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Frank Holmes on the Markets

May be of interest…
Imagine it’s 2000, and let’s say a shopping cart of groceries costs you $100. Today, the same number of greenbacks would get you only $58 of the items in that basket of goods from 2000. That’s 42% fewer groceries on average for the same price. If you look at the chart closely, the deterioration of the U.S. dollar has only accelerated in the months since the pandemic.


  • edited April 15
    Thanks @bee - I suspect few need convincing at this point that inflation is real and not entirely of Mr. Putin’s making. But the detailed insights into various markets are valuable.

    Some bio on the author from Linkedin:

    “Frank Holmes is the CEO and Chief Investment Officer of U.S. Global Investors. Mr. Holmes purchased a controlling interest in U.S. Global Investors in 1989 and became the firm’s chief investment officer in 1999. Under his guidance, the company’s funds have received numerous awards and honors including more than two dozen Lipper Fund Awards and certificates.

    Mr. Holmes is a native of Toronto and is a graduate of the University of Western Ontario with a bachelor’s degree in economics. He is a former president and chairman of the Toronto Society of the Investment Dealers Association.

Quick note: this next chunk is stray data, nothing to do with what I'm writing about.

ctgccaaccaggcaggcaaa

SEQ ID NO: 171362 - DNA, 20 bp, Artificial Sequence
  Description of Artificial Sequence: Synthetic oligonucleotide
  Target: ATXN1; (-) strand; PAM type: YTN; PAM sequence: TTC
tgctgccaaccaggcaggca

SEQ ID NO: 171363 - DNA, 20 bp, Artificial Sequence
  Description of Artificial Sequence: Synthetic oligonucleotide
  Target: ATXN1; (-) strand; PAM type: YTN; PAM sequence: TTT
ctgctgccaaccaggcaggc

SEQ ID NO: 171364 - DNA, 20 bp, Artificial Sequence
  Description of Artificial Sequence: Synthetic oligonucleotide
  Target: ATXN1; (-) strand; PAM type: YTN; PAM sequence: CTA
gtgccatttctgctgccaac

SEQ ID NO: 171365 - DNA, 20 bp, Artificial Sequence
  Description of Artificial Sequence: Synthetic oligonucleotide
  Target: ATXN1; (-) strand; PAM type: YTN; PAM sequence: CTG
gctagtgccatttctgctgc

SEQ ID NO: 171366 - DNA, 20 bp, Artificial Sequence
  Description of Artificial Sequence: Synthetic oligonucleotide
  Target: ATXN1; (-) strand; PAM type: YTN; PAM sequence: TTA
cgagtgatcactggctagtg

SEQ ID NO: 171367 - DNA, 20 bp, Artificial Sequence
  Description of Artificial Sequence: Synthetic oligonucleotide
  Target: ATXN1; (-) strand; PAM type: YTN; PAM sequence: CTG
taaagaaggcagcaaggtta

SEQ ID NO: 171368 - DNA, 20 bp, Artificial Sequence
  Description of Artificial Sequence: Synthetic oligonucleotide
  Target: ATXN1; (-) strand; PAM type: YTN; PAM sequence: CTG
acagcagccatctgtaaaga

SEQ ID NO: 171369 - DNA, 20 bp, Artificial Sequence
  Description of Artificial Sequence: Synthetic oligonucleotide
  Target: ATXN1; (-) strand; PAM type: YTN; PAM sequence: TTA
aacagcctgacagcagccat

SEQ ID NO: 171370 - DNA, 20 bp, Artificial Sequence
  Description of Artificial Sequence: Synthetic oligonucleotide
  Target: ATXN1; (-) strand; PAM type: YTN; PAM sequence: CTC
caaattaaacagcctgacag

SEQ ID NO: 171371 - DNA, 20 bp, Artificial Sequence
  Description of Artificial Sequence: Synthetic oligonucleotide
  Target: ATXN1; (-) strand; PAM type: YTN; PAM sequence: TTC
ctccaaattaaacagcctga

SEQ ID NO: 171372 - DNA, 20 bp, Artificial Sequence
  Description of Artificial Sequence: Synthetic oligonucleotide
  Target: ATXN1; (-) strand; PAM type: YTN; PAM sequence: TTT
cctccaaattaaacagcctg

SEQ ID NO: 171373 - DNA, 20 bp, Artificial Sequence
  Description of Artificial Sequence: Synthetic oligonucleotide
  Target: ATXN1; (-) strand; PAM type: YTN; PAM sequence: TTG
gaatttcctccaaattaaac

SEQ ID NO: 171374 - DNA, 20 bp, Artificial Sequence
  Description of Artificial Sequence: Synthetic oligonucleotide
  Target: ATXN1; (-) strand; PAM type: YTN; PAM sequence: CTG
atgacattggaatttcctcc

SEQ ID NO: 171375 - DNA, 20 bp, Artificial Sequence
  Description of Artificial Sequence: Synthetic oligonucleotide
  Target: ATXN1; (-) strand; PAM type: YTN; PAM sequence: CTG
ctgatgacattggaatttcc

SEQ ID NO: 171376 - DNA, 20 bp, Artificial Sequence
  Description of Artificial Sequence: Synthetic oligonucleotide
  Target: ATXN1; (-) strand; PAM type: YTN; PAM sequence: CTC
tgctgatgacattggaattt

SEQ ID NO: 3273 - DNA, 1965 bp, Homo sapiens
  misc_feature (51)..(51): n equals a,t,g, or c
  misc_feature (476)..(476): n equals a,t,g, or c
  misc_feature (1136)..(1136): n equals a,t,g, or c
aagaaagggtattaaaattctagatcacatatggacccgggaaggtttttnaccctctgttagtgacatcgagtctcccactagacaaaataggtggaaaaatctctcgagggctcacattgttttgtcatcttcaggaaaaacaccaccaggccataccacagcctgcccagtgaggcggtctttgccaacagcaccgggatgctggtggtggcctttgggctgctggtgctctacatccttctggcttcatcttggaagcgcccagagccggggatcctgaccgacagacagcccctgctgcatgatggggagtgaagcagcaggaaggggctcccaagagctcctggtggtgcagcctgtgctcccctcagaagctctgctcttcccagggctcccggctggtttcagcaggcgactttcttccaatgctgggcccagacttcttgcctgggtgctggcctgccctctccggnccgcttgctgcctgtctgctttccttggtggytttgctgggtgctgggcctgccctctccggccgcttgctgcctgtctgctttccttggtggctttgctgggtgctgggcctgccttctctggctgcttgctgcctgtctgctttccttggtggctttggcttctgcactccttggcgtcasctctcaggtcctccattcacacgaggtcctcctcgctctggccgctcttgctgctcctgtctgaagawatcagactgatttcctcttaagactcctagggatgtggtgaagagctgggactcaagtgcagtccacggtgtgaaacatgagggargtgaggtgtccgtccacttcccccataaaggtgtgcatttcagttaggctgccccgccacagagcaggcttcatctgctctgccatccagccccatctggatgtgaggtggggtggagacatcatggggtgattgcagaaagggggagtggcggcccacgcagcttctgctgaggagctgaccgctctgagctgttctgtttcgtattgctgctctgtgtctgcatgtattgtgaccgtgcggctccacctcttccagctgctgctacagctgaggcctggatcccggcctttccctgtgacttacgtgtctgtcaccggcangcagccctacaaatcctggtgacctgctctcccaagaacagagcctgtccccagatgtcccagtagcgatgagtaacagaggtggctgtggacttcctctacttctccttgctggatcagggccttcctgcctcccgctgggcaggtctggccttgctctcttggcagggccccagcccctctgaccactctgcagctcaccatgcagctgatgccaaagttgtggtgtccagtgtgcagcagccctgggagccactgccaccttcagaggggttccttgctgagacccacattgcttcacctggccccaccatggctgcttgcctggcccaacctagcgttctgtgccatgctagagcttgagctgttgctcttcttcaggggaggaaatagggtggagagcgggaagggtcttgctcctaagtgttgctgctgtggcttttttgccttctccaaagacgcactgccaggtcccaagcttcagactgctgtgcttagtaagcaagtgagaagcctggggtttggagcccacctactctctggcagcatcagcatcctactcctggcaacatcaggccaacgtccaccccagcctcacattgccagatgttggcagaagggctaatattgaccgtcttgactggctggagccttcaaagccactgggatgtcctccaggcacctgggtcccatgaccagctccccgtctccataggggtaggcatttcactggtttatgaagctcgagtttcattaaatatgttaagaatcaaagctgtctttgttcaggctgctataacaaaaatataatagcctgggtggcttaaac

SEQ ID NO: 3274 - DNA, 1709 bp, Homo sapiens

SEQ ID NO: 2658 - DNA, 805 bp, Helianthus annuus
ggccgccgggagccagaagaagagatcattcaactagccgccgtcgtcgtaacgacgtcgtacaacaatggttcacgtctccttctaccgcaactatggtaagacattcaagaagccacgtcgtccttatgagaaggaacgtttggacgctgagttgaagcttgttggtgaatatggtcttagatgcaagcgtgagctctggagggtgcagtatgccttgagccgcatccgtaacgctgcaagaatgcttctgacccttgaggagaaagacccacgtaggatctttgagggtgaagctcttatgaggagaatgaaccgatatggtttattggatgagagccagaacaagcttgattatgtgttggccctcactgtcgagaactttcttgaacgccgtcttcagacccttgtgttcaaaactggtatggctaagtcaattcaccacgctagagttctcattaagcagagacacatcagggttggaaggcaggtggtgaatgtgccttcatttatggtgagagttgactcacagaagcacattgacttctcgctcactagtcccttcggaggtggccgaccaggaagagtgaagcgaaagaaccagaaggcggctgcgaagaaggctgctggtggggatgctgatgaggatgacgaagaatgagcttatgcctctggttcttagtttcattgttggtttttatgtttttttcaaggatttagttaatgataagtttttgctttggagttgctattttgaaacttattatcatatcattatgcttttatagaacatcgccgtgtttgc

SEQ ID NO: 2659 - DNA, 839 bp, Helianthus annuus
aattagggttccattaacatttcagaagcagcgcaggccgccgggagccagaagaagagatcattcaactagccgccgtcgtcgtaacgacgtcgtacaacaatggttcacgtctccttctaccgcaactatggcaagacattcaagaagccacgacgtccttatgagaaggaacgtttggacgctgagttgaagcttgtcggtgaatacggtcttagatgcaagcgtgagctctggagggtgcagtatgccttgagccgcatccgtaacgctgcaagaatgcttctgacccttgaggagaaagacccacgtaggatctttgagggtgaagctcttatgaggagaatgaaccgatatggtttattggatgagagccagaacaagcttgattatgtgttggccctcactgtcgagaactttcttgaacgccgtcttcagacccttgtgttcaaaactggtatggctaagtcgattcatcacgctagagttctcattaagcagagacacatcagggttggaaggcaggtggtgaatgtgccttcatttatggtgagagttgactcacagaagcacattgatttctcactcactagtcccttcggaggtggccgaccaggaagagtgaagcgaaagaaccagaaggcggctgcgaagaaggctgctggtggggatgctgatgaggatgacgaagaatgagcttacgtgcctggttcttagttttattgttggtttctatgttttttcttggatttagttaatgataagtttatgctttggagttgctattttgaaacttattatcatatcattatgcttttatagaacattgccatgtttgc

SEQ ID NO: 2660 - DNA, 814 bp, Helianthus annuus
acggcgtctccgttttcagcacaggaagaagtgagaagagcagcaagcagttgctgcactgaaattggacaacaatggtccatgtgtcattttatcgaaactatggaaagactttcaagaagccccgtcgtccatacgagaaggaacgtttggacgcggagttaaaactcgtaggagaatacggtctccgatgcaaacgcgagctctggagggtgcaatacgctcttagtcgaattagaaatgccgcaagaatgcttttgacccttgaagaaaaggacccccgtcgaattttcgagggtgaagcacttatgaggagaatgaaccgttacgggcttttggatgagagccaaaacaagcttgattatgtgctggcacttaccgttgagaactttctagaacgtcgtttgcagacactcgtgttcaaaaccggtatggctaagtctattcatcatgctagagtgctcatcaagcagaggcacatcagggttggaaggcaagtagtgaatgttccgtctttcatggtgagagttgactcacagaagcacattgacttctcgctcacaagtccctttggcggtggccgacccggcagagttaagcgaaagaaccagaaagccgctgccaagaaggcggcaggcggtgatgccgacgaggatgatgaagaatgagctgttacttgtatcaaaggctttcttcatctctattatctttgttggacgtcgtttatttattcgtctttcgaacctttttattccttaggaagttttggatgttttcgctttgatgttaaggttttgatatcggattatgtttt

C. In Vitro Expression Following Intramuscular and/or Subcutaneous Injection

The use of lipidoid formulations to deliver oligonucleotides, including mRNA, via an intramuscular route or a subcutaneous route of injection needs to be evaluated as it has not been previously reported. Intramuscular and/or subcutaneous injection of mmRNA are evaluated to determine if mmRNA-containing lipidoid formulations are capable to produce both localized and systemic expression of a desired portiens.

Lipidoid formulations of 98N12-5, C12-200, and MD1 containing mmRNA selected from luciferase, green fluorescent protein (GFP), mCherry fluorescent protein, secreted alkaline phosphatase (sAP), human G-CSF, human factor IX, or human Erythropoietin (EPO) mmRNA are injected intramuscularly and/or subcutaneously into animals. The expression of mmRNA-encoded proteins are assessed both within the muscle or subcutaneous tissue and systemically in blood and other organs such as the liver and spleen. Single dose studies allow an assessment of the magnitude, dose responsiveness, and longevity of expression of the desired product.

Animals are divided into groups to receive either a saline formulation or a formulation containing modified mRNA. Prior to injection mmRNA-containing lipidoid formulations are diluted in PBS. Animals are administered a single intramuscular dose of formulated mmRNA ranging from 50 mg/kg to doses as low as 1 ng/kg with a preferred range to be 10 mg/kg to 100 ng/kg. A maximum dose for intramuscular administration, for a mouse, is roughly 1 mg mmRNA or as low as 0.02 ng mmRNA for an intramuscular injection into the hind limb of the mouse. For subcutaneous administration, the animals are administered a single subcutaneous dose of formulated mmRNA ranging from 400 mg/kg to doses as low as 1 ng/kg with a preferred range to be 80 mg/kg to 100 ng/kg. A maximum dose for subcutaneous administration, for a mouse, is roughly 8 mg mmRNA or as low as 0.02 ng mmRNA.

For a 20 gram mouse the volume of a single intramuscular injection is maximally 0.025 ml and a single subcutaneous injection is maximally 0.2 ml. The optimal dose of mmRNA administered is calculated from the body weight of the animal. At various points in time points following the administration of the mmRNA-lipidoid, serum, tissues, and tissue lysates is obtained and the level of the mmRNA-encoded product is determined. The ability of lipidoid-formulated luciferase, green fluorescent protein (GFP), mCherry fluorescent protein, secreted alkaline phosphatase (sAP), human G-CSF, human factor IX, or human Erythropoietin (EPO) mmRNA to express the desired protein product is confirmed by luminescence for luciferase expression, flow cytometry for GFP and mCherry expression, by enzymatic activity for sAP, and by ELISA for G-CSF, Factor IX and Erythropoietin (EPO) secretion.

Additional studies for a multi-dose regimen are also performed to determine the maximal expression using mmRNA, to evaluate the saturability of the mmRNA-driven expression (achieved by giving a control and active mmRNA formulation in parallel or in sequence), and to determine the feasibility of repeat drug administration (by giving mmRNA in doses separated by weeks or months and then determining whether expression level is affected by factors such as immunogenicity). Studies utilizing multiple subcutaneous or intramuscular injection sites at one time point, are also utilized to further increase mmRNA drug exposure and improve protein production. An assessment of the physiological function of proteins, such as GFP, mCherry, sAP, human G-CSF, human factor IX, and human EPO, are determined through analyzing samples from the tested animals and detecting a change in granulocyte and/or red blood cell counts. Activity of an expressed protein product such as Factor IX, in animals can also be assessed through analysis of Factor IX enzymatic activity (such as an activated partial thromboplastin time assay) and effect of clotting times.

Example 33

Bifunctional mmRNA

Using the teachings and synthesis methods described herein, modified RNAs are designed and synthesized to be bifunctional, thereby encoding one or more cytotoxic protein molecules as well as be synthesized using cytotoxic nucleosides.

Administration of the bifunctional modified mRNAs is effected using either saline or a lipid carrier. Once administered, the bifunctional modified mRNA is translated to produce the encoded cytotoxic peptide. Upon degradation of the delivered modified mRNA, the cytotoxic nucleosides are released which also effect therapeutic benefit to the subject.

Mr. Holmes and his team at U.S. Global Investors publish a free … newsletter, the Investor Alert, which highlights the week’s market movements in a SWOT format each Friday evening for its more than 50,000 subscribers.”

  • @hank makes a good point. Frank Holmes runs several natural resources funds and his writings tend to be tilted by commodity angles. This also applies to Jim Rogers, Jeremy Grantham (re-timber, etc) and others. But thematic/big picture-investing often provides good stories but doesn't always lead to good results.
  • Can anyone remember when a nickel would buy a nice sized candy bar ? Inflation, are you kidding me !
    Keep on smiling, Derf
  • edited April 15
    Derf said:

    Can anyone remember when a nickel would buy a nice sized candy bar ?

    @Derf Yes. I was 4 or 5. Could buy a very nice sized candy bar for 5 cents.

    A quarter back than bought you a delicious ice cream soda, malt or banana split at Sanders in the old J.L.Hudson building in downtown Detroit. Now you might get the banana for a quarter - but not the split. - Also, single scoop cones were a nickel. Double scoop 10-cents.

    Problem growing older is you can remember the price of something 70 years ago but not where you put the car keys 5 minutes ago!
  • @Hank. Detroit guy here. Just saw a Sanders product at Costco. I remember Sanders downtown and at Northland too. The hot fudge was as much a taste of Detroit as a Coney or Buddy’s Pizza.
  • edited April 16
    larryB said:

    @Hank. Detroit guy here …

    +1 My family moved to the Detroit area for a few years after I was born (roughly ‘48-‘52). Dad worked at Dodge Main and than the Warren Tank plant.
  • @Hank. My family owned a small business from the thirties to the eighties less than a mile from Dodge Main. Happily I didn’t follow in their footsteps.
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